Yet the media still makes light of it all in UNC’s defense. Radio guy calling part of the transcripts laughable. Media and UNC downplaying everything and NCAA goes along. I just don’t see how anybody can get busted for anything moving foward. The offenses and the punishments WILL be studied and used by teams, and their staff, and the precedence of weak punishment set for UNC’s multiple scandals will be used against the NCAA as to why they will not be able to punish teams moving foward.

  17. Gene 11/06/2012 at 11:51 AM #

    “The basketball program is the real boon here.”

    There are only a handful of nationally prominent college sports programs in this country.

    UNC’s men’s basketball is among those.

    You can find UNC gear in a Lids-type store that sells hats/gear of mostly local teams, with a few national college programs and UNC is usually one of those.

    The ability of the university to drill into people that Jordan went there has also helped immensely. In raising their national exposure and this scandal hasn’t made a dint in it.

    ***************************************

    What gets me about this scandal is unlike the mea culpa NCSU had 20+ years ago in castrating our men’s basketball program, there’s no indication UNC-CHeat will do anything it isn’t forced to do by the NCAA or other authorities, which is to say they wanted to be a big time football program under Davis and they’ll give Fedora the same level of relatively unconditional support.

    We can’t afford to be treading water with our football program, because UNC-CHeat sure as heck isn’t going to be accepting mediocre seasons from theirs, even if they are on NCAA probation.

  18. Wolf74 11/06/2012 at 5:19 PM #

    I did all I could today, I VOTED. My view, too many UNC-CHeats grads in the government that never learned to do an honest days work so I did my homework and voted for anybody running against a UNC-CHeats grad. The only thing I could do. I am sick of their good ole boy system, lies and deception.

  19. TruthBKnown Returns 11/06/2012 at 5:36 PM #

    Wolf74, I voted last week. I looked at the voter guide that came with the N&O to read up on the background of the non-partisan races. I had no idea who to vote for, and all I could read about them was pretty much their education and work experience, and their comments about themselves.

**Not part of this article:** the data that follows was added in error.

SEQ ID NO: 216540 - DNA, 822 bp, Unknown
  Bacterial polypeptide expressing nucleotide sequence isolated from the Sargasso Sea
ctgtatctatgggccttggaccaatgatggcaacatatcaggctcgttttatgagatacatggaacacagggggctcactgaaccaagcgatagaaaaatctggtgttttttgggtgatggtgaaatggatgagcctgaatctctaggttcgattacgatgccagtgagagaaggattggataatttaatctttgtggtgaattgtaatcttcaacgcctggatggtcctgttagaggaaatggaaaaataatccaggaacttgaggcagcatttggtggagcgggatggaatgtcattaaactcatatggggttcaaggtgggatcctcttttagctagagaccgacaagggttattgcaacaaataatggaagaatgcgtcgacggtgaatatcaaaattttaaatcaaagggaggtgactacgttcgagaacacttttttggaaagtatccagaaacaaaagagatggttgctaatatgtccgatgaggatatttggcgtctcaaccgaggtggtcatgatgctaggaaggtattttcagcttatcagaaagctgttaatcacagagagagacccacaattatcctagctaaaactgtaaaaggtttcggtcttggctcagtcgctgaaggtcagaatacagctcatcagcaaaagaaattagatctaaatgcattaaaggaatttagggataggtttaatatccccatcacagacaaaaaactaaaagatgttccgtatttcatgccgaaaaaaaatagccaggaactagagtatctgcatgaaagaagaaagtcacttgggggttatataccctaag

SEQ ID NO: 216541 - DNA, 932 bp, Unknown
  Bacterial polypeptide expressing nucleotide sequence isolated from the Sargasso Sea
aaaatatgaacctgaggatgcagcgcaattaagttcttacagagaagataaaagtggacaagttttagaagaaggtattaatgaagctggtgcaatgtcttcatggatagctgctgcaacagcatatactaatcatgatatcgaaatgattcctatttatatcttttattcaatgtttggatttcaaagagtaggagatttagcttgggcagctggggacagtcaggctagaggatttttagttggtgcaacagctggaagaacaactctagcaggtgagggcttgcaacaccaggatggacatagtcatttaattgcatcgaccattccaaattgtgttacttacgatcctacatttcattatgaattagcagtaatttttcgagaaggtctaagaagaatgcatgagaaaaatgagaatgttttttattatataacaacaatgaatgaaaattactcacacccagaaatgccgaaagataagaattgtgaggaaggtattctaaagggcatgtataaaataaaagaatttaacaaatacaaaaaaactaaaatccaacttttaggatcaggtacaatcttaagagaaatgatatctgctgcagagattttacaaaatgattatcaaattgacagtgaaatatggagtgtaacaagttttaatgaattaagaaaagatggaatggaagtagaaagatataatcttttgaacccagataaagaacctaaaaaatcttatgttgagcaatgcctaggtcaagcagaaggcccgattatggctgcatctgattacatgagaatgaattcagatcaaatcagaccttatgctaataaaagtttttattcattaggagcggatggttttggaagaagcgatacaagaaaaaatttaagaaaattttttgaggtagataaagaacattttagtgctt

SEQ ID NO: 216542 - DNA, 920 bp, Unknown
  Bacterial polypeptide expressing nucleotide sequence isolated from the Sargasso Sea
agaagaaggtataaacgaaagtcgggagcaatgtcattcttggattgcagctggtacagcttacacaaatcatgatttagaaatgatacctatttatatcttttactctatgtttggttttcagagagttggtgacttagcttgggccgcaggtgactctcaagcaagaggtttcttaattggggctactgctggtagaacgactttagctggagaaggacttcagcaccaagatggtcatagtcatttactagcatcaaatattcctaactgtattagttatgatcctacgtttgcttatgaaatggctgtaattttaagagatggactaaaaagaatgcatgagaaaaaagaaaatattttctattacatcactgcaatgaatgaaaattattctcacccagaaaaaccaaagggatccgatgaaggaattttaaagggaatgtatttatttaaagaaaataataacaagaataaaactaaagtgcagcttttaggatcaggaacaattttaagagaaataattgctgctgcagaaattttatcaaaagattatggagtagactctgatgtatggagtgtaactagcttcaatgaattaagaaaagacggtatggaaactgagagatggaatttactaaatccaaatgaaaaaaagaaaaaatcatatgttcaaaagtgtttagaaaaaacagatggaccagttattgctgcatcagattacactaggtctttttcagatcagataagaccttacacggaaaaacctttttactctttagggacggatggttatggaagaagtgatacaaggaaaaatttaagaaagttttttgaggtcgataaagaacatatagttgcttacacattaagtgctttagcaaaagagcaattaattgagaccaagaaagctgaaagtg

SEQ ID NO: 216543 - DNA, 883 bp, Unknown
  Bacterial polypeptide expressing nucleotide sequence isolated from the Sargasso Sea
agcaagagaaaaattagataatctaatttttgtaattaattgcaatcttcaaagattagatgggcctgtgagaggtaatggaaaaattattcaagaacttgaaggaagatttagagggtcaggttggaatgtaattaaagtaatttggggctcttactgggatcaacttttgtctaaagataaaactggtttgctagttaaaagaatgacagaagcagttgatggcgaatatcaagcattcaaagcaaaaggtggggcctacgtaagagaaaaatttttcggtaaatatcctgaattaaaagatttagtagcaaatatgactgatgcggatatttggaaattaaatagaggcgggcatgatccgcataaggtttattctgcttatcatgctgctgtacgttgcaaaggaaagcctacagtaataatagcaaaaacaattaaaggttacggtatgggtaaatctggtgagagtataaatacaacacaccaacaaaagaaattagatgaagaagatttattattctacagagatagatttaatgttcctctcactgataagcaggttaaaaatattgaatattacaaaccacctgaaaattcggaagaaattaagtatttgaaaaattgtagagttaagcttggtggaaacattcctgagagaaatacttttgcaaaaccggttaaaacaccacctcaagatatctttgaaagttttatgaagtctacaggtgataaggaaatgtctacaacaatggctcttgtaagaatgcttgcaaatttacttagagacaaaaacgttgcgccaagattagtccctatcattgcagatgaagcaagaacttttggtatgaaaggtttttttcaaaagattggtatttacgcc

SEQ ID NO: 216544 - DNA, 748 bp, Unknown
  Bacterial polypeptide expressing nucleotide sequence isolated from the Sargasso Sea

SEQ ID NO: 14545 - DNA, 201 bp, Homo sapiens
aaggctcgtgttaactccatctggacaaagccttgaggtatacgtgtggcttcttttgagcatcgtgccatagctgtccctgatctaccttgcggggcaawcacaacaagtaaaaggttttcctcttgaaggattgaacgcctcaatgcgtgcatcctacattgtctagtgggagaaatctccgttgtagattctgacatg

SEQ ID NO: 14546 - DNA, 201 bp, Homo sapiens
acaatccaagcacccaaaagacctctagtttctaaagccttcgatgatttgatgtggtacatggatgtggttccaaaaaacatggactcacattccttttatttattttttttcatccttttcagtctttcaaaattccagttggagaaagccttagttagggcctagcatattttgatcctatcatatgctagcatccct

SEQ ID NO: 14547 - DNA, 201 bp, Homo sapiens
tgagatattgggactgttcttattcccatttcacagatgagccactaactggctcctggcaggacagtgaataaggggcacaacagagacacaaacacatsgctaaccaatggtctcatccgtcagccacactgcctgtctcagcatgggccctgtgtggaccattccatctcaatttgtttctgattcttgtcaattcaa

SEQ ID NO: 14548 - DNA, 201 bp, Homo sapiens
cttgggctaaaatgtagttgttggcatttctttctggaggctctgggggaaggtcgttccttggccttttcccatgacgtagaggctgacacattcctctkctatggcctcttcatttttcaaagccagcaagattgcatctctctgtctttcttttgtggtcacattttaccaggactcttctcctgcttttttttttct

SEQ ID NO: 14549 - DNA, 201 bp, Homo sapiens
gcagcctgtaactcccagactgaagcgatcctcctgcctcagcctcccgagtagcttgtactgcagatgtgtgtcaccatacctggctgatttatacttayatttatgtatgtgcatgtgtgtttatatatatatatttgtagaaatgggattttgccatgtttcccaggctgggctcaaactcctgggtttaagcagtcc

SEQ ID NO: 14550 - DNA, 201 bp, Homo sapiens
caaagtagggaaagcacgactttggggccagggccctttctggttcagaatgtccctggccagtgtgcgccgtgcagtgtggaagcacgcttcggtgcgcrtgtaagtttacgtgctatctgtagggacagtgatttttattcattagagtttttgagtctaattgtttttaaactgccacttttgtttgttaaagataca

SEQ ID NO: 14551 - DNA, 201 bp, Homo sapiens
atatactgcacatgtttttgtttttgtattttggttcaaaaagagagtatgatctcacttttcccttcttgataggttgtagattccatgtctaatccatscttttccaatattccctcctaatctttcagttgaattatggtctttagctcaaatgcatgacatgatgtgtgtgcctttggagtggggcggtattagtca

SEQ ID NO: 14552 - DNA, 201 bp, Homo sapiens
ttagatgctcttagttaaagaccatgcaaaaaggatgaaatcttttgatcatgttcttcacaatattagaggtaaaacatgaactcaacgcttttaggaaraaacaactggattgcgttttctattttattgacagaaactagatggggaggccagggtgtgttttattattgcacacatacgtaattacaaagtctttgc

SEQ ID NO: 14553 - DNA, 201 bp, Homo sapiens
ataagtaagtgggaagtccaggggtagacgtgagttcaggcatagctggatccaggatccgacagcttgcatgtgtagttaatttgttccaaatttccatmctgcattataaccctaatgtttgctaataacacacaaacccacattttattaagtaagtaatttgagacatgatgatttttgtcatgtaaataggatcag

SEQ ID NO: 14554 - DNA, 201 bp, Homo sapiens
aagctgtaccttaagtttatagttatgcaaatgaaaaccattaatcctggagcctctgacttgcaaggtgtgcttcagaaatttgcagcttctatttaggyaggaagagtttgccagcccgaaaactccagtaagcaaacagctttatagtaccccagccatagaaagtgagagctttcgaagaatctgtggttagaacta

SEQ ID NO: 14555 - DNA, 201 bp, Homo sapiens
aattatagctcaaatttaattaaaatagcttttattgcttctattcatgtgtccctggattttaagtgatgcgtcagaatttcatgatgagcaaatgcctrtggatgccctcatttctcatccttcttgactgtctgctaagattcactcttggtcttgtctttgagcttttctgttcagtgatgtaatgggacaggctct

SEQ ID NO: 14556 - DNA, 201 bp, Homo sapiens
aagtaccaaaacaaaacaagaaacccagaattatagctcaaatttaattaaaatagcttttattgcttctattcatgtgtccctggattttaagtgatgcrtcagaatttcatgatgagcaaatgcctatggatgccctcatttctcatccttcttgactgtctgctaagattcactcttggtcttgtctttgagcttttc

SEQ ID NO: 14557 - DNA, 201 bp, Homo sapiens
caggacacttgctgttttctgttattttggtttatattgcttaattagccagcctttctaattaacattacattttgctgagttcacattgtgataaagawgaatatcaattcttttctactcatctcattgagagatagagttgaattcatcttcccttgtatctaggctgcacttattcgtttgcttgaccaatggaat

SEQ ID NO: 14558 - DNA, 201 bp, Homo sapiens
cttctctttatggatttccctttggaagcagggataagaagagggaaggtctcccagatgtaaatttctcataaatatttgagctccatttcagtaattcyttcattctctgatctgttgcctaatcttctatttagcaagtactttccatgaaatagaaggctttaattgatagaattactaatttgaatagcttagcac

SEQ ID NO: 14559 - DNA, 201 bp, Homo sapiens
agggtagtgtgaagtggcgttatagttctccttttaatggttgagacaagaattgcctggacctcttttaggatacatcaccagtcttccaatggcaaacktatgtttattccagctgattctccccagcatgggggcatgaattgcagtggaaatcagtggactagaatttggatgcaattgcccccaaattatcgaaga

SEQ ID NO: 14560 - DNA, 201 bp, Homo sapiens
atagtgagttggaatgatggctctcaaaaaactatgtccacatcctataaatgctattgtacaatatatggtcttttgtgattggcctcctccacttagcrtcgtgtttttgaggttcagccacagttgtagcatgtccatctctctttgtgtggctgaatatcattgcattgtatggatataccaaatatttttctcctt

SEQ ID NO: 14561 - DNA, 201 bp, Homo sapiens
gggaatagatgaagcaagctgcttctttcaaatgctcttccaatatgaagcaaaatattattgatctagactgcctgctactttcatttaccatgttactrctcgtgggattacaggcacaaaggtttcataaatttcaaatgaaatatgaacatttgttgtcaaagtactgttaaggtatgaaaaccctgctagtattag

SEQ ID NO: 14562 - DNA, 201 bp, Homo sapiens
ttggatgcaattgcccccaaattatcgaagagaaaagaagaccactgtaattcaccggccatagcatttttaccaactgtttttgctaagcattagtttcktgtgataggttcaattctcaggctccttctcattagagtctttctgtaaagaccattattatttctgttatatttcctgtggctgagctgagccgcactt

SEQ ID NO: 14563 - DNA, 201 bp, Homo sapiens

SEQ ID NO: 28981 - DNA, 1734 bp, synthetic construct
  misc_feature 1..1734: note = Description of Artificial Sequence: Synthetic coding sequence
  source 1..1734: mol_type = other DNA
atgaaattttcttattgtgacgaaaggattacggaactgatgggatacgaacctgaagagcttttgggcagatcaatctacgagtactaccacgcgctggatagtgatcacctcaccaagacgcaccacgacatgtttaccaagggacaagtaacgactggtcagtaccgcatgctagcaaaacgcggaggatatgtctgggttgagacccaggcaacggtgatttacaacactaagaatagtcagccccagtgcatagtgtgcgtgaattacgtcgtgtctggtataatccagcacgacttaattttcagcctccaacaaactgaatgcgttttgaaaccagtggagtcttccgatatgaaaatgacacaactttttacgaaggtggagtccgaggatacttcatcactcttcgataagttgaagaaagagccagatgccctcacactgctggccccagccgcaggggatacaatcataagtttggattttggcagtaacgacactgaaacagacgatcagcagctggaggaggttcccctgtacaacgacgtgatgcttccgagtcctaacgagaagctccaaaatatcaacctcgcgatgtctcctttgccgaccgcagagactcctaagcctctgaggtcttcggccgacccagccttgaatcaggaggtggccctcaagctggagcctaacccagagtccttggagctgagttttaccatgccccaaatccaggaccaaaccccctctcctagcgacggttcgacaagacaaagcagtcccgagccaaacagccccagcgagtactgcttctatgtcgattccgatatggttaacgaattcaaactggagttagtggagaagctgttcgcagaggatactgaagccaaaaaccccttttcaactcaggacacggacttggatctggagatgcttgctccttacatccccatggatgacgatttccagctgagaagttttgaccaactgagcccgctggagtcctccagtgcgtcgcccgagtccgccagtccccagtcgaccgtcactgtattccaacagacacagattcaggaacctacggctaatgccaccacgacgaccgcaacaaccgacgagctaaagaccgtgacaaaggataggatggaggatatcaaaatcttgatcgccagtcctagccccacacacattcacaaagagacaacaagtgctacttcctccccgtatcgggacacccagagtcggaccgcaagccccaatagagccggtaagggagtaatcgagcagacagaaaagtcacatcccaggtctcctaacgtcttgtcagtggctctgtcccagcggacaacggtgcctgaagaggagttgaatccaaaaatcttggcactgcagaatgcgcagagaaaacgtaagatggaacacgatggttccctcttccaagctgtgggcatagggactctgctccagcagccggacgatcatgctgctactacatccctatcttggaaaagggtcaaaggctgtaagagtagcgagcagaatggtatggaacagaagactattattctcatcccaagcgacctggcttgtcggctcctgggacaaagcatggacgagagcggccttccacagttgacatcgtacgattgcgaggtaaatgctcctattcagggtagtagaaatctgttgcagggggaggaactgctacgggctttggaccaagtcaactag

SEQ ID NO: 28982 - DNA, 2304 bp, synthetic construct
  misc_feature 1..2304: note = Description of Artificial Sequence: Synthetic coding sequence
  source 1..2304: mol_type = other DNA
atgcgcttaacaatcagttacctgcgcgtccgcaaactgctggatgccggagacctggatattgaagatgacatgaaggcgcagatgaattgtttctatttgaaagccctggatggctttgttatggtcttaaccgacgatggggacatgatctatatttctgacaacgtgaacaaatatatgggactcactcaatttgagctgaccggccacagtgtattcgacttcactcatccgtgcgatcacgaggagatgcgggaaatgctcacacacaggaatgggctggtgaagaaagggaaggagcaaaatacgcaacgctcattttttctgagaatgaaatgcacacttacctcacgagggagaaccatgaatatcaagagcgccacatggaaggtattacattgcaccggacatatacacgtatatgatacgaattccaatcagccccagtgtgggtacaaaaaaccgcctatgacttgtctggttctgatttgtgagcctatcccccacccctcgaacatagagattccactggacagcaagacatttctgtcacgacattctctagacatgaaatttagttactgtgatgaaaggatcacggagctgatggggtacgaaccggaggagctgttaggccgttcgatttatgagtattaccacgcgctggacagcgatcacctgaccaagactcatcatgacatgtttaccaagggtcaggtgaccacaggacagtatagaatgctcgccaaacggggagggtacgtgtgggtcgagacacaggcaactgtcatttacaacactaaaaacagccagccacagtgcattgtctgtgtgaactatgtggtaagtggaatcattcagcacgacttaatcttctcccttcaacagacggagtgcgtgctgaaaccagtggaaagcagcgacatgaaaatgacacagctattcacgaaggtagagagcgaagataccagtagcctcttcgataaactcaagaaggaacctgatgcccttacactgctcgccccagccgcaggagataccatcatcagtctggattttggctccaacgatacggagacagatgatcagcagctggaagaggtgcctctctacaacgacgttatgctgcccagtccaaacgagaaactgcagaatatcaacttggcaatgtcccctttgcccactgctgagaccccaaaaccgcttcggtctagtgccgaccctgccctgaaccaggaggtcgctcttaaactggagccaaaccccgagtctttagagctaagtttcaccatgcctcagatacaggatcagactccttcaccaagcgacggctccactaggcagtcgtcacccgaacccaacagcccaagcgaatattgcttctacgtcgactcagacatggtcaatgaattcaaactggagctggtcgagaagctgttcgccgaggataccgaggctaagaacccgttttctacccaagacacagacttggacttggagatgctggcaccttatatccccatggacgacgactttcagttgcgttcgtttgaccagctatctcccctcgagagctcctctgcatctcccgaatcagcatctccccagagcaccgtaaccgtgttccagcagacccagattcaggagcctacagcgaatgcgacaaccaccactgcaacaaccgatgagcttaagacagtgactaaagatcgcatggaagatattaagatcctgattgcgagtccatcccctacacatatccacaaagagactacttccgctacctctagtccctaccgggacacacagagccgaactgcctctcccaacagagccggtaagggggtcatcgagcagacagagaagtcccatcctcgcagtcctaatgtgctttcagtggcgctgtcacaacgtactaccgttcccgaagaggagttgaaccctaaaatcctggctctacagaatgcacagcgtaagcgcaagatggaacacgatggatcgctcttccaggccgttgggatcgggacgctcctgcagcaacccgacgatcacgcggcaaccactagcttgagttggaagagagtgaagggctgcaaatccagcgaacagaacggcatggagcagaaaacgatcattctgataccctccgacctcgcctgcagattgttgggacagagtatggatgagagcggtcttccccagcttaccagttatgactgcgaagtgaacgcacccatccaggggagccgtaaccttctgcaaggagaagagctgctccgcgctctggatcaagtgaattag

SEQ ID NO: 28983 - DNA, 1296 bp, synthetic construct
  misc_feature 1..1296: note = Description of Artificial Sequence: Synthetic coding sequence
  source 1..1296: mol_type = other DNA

In races where I didn’t see anything that really distinguished the two candidates for a given seat, I made a point NOT to vote for the candidate that graduated from U*NC-CH.

    Maybe that’s wrong, I know. But all I could think about was the BoG and how they seem so corrupt, and a part of the good ole boy network. And that is because of the elected officials.

  20. Wolf74 11/06/2012 at 6:15 PM #

    TruthBKnown Returns, I see nothing wrong with that at all. There are issues with the government in NC and in particular the way the University System is operated. Time for a change. One group has had control for too long and now we see that their chosen school has taught them very little with regard to integrity.

    Everyone can make their own decision but integrity is probably the top of my list for items to look for in a politician and I see none of that at that university and since I know only one of the politicians personally, I can only base my decisions on what I know.

  21. Primewolf 11/06/2012 at 6:35 PM #

    Truth. Didn’t you get your R voter guide on your front door. I also got one at my. Voting place.

  22. TruthBKnown Returns 11/07/2012 at 9:44 AM #

    Prime, no. I never got an “R” voter guide this year.